How things have changed?

Tracy Wharvell
is the Development Director at the National Care Association and a Residential
Forum member.  Her career in social care began over thirty years ago
as a practitioner providing social care


My first experience of a care home for the elderly was in the 1980, this
first thing that hit me as I walked through the door was the smell and how drab
the place was, it was a council run service.

The residents were quite mobile, most could walk around the service,
some were able to go out and had their own car.
There wasn’t a lot going on and those residents who could not go out sat
around the edge of the room and appeared to be pretty bored.

The residents were well looked after in terms of food and they did not
feel isolated nor lonely.

Contrast this with the sector today, there are few council run services;
most of the care homes (94%) have less than 50 beds.

Woe betide the service that smells – and quite right! Services are
expected to provide stimulating activities to residents to enhance the quality
of life.

A care home Manager said to me recently, ‘People no longer walk into our
care home when they come to live here, they are wheeled’.

The expectations of staff skills and competency have increased, care
workers now undertake tasks which at one time was reserved to nurses.

In England CQC rated 80% of care homes and 68% of nursing homes as good.
Contrary to the perception provided by the media – care homes are well run, safe,
responsive and caring places where communal living occurs and thrives.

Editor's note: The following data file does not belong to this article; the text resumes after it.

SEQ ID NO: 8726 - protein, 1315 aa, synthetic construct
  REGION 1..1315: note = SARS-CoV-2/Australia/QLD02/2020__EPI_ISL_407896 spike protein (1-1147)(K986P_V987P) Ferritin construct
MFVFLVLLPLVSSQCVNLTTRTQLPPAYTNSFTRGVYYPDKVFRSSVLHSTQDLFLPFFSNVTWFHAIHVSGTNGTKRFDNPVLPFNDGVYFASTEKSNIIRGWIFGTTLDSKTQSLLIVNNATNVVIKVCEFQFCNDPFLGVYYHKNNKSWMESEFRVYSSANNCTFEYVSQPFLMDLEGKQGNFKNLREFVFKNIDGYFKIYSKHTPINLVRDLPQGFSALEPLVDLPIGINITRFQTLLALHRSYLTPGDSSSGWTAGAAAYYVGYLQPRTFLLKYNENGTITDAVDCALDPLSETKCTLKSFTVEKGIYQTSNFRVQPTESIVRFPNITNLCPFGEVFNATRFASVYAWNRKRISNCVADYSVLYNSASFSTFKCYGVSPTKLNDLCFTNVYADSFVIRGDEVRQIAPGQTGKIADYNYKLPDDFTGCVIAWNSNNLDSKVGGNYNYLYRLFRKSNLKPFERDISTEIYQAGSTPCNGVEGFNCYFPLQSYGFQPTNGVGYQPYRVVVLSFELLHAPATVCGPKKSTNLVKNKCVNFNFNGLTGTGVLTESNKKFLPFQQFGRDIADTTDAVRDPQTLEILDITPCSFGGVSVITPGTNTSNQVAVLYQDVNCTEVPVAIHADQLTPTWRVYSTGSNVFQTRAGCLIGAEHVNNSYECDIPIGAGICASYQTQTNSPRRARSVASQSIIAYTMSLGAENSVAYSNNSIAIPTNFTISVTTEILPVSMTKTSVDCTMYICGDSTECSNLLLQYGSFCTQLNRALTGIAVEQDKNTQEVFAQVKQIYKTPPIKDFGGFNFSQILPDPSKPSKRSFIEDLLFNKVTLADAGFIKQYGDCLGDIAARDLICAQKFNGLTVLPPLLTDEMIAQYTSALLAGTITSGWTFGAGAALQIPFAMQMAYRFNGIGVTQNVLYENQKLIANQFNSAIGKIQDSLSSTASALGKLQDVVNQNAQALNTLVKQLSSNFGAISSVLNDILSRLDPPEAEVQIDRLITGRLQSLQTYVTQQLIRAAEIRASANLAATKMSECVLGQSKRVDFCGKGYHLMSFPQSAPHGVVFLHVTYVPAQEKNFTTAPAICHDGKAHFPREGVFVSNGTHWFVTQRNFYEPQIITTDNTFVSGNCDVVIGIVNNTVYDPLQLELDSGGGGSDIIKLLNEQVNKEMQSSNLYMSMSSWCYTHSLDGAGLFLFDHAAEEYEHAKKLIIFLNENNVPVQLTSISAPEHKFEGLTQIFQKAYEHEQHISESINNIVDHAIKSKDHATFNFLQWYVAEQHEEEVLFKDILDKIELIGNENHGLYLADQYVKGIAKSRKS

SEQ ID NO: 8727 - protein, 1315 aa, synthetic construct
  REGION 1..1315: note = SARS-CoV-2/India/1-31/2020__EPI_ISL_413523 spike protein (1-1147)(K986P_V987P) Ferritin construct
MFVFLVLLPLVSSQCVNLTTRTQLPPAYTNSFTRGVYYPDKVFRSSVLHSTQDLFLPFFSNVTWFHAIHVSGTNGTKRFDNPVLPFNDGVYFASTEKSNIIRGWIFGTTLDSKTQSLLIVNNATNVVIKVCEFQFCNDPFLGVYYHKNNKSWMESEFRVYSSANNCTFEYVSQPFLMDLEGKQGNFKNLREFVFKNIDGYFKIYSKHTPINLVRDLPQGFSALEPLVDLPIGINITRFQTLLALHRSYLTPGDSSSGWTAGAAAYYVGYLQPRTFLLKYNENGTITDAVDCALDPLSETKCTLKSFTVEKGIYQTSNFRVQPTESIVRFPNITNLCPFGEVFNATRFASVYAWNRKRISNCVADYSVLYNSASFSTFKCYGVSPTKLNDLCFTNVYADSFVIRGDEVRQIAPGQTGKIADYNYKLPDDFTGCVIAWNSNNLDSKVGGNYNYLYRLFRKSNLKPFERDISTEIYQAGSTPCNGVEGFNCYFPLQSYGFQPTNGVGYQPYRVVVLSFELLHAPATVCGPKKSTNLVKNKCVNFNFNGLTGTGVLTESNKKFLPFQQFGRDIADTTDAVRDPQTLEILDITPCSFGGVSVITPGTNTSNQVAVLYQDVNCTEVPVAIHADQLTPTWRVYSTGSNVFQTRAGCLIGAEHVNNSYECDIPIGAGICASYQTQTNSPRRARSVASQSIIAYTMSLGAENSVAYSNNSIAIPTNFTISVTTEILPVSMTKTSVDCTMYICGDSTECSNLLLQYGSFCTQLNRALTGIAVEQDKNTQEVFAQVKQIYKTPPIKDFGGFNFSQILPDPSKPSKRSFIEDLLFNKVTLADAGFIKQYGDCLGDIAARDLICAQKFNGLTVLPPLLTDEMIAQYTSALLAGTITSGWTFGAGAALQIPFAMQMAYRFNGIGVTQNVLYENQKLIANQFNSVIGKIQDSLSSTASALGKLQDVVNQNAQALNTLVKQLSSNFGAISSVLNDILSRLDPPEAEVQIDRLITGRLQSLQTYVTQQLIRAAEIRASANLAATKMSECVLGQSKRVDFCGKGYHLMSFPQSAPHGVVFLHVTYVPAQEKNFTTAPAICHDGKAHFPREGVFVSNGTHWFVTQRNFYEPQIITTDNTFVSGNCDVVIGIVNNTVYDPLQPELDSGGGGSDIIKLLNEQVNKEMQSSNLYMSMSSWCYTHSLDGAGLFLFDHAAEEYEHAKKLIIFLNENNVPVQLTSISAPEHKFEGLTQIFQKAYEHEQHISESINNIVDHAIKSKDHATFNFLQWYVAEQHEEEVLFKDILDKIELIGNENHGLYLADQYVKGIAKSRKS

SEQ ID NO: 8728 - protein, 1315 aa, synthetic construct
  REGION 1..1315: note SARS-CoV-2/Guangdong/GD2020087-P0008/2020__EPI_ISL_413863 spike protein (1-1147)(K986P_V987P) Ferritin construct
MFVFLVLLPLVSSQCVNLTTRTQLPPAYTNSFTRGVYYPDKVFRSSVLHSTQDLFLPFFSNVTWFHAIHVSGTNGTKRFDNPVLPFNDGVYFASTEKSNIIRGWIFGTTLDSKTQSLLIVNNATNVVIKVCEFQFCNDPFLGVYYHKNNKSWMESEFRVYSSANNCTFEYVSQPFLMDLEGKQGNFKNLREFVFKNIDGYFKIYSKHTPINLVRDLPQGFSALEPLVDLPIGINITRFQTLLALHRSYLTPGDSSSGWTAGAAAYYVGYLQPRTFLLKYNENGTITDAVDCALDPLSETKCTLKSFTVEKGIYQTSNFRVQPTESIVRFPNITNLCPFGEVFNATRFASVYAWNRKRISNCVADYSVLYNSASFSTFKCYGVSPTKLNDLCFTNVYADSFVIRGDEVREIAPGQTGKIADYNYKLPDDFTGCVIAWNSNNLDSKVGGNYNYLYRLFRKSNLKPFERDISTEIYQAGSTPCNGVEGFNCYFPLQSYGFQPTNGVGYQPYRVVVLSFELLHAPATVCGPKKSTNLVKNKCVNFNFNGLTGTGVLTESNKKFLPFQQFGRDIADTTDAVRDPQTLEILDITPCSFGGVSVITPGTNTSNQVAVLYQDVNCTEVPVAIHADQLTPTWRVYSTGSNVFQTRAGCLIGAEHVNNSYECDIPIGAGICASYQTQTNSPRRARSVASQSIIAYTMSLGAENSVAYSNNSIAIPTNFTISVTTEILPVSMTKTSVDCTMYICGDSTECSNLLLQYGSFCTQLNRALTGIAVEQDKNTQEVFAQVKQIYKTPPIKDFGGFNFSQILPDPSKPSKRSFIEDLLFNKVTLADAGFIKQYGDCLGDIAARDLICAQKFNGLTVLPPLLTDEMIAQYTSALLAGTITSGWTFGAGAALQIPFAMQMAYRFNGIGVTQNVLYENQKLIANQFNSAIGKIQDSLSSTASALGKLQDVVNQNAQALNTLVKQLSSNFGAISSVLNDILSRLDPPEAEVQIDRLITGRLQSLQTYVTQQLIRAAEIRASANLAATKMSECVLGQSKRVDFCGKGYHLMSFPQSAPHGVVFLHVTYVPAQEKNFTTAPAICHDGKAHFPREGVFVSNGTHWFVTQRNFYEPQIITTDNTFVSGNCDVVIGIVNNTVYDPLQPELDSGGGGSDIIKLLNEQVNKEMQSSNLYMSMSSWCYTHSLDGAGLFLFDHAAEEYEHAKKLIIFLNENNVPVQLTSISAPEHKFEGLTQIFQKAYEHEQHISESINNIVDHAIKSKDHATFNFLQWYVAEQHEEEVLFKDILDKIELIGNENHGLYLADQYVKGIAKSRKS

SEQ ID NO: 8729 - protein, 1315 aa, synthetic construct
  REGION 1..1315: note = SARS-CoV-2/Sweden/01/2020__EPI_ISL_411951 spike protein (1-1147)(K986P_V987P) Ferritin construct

So why hasn’t the
image of care homes changed?

Society supports, and admires hospice care – where people go at the end
their life – yet care homes provide good quality end of life care, so how do
they achieve the status and affection in society’s heart that hospices occupy?

Any thoughts on this just let the Residential Forum know through our Comments and Questions tab on the
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Published by Residential Forum

The Residential Forum is to promote the achievement of high standards of care and support for children and adults living in residential care and nursing homes, supported housing, residential schools and colleges, hospices and hostels. It contributes to improving the quality of service to the public. Members of the Forum are people of standing and experience drawn from the public, private and voluntary sectors, as well as some who can speak for service users and carers.

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